Smart contract technology can be embedded into NFTs, for example, to prohibit the transfer of the NFT until certain conditions are met or to protect the minter’s rights to royalties such that, each time the NFT is resold, the minter automatically receives a royalty fee. It is therefore crucial for investors to understand the mechanics of the NFT(s) in which they are interested in investing in advance of purchase.

Equally, sellers of NFTs should remain alive to the risk of being accused of misrepresentation when selling NFTs. Sellers should therefore make the terms of a sale clear, paying particular attention where matters such as the history of ownership or storage of the physical asset are of vital importance (for instance, in respect of a luxury good or work of art).

NFT owners also need to heed the usual warnings regarding market volatility, particularly given that NFTs are a relatively new asset class without a proven track record. It is important for investors not to get carried away by temporary market sentiments, to be aware of their own investment objectives, and to consider carefully the true value of any NFT they intend to purchase. In August 2021, for example, an NFT representing the clip art of a rock sold for 400 Ether which equates to approximately USD1.3 million. This NFT was issued by EtherRock on the Ethereum blockchain. According to the EtherRock’s own website, “these virtual rocks serve NO PURPOSE beyond being able to be bought and sold, and giving you a strong sense of pride in being an owner of 1 of the only 100 rocks in the game :)” .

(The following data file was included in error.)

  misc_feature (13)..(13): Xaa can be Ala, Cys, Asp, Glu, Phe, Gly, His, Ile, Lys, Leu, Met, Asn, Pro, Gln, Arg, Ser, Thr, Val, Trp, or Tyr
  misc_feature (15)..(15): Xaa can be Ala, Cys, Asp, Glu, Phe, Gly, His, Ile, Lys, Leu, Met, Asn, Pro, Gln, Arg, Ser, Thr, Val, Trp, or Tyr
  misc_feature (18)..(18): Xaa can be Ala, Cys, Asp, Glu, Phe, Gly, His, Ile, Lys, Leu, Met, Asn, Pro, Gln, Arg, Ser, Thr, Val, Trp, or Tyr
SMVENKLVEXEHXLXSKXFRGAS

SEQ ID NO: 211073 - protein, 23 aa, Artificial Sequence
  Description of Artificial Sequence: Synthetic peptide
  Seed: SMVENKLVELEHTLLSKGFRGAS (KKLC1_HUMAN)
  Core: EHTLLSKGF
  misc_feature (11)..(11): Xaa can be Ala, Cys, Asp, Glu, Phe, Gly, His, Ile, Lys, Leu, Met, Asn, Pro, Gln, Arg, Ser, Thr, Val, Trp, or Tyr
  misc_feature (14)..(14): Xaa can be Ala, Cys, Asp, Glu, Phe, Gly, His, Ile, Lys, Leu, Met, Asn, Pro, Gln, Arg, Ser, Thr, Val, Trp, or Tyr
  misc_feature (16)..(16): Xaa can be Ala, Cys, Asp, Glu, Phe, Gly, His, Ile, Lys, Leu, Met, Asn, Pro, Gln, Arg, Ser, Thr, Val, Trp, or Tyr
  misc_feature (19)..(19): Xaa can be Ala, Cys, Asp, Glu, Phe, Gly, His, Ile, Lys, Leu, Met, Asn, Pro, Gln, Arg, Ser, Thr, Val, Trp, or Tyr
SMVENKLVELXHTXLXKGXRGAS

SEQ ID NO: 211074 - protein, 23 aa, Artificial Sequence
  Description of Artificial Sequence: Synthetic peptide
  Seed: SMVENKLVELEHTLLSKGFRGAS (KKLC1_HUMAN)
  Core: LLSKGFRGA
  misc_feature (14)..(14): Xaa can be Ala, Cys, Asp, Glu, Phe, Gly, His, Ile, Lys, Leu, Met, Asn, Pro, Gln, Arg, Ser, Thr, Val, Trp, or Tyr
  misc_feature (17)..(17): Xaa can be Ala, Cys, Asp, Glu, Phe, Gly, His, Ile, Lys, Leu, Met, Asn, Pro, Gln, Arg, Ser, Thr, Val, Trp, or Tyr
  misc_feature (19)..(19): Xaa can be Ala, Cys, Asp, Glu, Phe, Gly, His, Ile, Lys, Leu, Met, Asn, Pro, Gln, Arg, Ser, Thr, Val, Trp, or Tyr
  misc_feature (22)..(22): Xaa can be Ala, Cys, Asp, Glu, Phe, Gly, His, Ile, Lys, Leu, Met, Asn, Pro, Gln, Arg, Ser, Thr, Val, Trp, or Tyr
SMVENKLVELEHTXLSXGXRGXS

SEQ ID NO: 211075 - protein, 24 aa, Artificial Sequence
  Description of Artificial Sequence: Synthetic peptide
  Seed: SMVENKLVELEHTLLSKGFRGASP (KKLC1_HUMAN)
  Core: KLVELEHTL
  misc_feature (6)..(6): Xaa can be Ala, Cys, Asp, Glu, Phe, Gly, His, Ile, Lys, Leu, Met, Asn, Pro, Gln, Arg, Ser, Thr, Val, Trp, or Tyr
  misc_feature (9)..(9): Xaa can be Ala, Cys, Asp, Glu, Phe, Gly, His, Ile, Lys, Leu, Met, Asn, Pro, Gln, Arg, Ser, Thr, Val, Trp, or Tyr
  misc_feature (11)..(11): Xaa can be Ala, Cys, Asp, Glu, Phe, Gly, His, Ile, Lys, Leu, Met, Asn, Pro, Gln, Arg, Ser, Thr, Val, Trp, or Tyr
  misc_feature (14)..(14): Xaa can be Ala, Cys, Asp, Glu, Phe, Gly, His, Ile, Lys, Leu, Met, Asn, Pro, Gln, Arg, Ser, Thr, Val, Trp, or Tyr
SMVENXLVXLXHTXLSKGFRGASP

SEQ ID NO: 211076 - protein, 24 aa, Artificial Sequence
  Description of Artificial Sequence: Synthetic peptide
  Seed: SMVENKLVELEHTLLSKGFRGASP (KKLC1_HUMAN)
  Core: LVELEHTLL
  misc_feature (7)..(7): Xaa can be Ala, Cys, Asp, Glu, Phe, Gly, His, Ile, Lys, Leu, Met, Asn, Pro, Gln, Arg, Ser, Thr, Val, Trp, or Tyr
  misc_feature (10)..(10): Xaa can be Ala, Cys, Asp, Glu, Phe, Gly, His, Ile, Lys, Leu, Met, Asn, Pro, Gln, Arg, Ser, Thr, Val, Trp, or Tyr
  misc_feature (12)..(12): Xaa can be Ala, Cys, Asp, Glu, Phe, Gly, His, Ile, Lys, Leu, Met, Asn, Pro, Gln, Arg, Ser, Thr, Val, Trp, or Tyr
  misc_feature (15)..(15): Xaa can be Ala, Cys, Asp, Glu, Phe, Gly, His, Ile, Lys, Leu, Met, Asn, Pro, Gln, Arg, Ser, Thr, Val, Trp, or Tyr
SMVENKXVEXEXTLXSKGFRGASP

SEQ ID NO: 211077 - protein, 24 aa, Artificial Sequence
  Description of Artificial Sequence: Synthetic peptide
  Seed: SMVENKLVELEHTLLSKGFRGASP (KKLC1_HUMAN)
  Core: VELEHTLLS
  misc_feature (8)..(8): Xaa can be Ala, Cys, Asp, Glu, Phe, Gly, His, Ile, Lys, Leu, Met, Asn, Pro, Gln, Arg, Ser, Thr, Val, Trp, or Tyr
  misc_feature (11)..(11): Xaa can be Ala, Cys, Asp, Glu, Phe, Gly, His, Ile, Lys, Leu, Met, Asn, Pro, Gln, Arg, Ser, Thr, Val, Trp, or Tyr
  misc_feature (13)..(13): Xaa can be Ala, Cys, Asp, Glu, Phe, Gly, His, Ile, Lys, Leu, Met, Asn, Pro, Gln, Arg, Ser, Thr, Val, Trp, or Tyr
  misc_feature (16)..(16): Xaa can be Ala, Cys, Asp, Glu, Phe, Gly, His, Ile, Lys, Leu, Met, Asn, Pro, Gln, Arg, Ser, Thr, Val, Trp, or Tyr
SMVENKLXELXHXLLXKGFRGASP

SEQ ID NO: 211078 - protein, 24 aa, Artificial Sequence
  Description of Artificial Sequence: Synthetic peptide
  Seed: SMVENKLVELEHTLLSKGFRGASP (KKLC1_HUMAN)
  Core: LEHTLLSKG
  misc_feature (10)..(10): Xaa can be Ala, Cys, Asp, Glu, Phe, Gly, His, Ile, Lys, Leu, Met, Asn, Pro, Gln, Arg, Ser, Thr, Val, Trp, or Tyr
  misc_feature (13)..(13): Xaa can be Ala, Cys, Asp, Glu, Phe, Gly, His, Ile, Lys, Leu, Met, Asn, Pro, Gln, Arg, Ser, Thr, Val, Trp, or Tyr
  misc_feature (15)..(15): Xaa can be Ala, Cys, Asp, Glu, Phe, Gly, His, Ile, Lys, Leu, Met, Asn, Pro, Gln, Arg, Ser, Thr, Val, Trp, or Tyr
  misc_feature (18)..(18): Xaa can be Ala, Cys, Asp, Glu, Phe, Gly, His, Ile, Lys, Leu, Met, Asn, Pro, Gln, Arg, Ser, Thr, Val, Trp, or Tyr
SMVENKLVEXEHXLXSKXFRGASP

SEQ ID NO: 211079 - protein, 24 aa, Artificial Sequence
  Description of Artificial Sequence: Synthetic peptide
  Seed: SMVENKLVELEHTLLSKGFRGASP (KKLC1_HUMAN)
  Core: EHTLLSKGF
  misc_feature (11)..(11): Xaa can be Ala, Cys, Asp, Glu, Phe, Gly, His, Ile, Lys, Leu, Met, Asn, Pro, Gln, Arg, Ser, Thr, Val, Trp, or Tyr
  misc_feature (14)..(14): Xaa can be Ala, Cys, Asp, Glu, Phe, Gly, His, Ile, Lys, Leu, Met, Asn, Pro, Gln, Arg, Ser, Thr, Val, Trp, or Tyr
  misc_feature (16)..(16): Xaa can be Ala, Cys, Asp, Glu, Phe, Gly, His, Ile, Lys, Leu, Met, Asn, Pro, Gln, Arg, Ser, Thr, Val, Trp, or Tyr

Loss of or damage to the physical asset

An NFT and the underlying asset it represents are separate assets. While the NFT will contain information about its link to the underlying asset and the NFT holder’s title to the NFT, should the underlying asset be destroyed, lost or stolen, the NFT could be rendered worthless. That said, an NFT representing artwork by the UK artist Banksy was marketed on the basis that the underlying artwork had been deliberately destroyed, leaving only the digital representation sold through the NFT. Therefore, in some instances, the destruction of the underlying physical asset, leaving only the NFT as evidence of its former existence, may serve to increase the value of the NFT. 

It is nevertheless important to ensure (in some cases) that there is some guarantee as to the safety of the underlying physical asset and allocation of risk in the contractual documentation before purchasing an NFT. 

Risk of fraud

While NFTs exist to authenticate provenance and title, and although they benefit from the blockchain technology, which creates clear, timestamped audit trails of ownership, the risk of fraud persists, particularly in light of the anonymity of blockchain.